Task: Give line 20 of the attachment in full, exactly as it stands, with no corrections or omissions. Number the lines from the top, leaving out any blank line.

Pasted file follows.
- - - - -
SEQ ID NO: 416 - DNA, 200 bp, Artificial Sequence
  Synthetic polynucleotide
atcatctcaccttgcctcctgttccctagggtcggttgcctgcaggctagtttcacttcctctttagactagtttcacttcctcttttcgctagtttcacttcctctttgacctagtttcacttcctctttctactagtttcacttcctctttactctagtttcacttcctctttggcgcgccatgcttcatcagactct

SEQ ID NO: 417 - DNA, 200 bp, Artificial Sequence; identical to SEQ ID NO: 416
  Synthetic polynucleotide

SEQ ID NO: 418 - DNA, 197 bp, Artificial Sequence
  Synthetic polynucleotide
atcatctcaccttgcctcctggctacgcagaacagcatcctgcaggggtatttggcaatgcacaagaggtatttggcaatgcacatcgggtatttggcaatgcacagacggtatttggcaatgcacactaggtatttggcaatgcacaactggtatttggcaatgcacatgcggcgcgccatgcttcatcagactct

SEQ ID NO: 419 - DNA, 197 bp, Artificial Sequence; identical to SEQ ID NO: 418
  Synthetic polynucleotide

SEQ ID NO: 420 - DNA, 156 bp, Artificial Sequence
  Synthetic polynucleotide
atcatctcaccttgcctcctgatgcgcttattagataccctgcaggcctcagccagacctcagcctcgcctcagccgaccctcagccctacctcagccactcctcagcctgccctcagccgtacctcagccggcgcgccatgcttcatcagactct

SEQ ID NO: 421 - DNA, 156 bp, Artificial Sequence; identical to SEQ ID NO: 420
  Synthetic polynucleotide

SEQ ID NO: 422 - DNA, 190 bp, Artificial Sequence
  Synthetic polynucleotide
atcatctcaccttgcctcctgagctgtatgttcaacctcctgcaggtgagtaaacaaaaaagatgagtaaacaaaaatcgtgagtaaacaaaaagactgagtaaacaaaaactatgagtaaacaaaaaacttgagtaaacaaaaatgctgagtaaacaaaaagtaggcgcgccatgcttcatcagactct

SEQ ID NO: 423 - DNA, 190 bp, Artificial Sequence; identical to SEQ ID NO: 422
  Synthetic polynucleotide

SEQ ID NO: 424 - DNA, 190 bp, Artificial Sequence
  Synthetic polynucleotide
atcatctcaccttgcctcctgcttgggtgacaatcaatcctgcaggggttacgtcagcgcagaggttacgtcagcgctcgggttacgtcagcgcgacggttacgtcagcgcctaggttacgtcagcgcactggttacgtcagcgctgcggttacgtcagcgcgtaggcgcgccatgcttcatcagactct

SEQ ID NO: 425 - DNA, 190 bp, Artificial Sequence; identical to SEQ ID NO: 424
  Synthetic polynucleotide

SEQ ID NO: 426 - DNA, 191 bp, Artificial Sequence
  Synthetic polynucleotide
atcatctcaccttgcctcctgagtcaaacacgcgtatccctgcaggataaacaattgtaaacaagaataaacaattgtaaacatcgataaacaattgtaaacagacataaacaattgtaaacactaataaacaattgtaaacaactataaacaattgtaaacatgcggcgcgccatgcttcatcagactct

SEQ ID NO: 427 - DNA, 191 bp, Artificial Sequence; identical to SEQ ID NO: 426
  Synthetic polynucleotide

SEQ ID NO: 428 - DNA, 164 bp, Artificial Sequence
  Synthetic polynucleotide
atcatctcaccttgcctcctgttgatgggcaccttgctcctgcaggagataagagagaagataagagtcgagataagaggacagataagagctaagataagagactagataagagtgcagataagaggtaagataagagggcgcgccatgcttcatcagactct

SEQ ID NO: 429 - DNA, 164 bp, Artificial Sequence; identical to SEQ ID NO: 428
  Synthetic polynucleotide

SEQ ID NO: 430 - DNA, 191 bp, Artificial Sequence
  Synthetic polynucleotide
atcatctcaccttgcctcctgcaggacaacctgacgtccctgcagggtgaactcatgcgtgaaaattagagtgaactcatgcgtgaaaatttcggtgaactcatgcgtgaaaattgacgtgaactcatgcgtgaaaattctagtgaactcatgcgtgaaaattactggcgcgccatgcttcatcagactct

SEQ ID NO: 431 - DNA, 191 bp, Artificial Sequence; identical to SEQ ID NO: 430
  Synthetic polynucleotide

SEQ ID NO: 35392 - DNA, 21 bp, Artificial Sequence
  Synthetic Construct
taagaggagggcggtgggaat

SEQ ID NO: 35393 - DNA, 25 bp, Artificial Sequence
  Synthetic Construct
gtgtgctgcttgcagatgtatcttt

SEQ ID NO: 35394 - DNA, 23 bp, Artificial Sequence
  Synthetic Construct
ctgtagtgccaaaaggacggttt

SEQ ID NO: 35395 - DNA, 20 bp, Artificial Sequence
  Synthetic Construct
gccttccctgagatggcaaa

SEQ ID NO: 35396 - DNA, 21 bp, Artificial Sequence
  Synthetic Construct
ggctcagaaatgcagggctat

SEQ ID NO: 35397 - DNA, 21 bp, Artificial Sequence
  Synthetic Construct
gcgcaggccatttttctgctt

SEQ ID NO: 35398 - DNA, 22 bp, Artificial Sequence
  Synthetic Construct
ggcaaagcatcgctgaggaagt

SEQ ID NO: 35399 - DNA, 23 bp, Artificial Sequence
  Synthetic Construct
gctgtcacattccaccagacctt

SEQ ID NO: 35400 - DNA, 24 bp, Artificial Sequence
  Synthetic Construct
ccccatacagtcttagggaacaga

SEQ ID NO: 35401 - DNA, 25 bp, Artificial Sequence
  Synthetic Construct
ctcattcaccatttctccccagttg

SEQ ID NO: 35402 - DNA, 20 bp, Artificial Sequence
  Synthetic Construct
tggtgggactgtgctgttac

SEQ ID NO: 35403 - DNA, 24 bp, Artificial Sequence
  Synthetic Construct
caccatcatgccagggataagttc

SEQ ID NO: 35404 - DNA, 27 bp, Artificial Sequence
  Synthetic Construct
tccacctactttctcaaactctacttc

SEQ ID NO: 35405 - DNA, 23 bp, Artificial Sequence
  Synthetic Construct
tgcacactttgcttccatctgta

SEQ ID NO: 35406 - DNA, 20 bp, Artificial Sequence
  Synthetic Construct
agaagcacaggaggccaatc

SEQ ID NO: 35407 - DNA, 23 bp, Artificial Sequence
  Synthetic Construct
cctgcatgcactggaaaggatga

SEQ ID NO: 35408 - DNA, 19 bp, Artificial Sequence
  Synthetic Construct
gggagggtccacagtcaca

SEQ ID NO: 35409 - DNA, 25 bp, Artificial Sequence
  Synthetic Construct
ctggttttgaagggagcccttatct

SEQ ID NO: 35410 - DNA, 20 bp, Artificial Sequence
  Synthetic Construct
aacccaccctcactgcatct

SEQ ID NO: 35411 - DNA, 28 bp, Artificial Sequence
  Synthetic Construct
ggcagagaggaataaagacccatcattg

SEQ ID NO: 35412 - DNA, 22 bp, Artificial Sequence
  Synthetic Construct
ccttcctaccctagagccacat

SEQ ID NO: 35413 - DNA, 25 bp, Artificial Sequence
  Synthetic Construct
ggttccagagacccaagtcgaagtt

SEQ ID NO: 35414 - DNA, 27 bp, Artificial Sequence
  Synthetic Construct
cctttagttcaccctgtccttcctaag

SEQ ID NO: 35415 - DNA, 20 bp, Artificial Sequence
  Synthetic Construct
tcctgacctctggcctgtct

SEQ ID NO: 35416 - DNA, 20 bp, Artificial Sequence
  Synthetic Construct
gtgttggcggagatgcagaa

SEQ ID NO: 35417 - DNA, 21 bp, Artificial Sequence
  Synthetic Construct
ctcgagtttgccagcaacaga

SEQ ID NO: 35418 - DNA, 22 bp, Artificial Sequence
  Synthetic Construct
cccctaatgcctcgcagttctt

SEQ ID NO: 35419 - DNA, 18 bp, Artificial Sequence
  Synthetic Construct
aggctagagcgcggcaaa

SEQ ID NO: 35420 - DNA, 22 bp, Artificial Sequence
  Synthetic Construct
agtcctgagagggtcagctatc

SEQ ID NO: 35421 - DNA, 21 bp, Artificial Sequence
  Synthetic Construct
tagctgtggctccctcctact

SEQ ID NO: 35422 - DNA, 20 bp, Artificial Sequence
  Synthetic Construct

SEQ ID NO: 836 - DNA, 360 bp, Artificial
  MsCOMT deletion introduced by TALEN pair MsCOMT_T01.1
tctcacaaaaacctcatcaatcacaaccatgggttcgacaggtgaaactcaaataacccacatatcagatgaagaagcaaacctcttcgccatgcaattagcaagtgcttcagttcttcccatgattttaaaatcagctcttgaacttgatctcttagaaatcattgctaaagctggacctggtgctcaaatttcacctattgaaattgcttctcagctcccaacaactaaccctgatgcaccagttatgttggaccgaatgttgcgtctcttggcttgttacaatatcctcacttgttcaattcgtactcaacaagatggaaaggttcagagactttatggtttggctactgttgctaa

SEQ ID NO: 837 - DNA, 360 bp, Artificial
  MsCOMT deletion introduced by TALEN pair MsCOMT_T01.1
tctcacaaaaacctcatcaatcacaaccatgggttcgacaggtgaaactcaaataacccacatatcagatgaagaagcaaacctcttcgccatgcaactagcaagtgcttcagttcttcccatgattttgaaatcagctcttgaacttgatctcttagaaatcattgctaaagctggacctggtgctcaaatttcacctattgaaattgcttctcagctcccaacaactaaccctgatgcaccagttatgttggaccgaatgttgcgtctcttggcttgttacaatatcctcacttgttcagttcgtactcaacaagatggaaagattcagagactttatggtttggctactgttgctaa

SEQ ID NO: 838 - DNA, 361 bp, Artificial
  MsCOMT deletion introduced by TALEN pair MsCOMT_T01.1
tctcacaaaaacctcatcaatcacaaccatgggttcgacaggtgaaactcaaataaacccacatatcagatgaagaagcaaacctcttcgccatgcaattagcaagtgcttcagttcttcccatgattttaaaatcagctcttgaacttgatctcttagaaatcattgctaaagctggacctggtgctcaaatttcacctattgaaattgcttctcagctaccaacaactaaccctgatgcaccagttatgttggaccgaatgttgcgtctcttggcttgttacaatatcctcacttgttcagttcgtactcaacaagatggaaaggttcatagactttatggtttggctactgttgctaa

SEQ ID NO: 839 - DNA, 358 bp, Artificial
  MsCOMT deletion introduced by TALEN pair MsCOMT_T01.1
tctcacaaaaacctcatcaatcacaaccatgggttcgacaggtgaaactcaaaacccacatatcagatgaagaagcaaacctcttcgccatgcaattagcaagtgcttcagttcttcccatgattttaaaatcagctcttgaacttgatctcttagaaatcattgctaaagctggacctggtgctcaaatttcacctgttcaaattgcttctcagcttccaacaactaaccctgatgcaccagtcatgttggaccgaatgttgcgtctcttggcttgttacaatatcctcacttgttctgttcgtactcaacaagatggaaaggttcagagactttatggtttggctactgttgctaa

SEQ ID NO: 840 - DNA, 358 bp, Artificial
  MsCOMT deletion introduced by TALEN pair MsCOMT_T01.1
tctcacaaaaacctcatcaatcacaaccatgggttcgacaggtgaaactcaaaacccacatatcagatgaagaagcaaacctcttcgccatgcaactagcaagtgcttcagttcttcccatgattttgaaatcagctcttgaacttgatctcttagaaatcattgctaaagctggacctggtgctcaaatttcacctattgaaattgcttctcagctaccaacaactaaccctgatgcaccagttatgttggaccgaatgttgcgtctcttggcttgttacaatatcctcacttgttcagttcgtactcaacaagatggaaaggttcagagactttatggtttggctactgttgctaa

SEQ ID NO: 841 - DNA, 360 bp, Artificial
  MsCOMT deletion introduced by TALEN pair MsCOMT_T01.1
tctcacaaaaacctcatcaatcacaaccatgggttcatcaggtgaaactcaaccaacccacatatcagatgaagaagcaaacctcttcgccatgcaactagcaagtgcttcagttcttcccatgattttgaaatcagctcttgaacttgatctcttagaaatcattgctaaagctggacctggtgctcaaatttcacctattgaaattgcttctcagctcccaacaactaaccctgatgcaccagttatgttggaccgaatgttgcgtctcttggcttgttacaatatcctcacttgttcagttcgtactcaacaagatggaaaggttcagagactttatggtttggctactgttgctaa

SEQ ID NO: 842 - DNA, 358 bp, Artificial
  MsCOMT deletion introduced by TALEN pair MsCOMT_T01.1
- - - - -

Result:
  Synthetic polynucleotide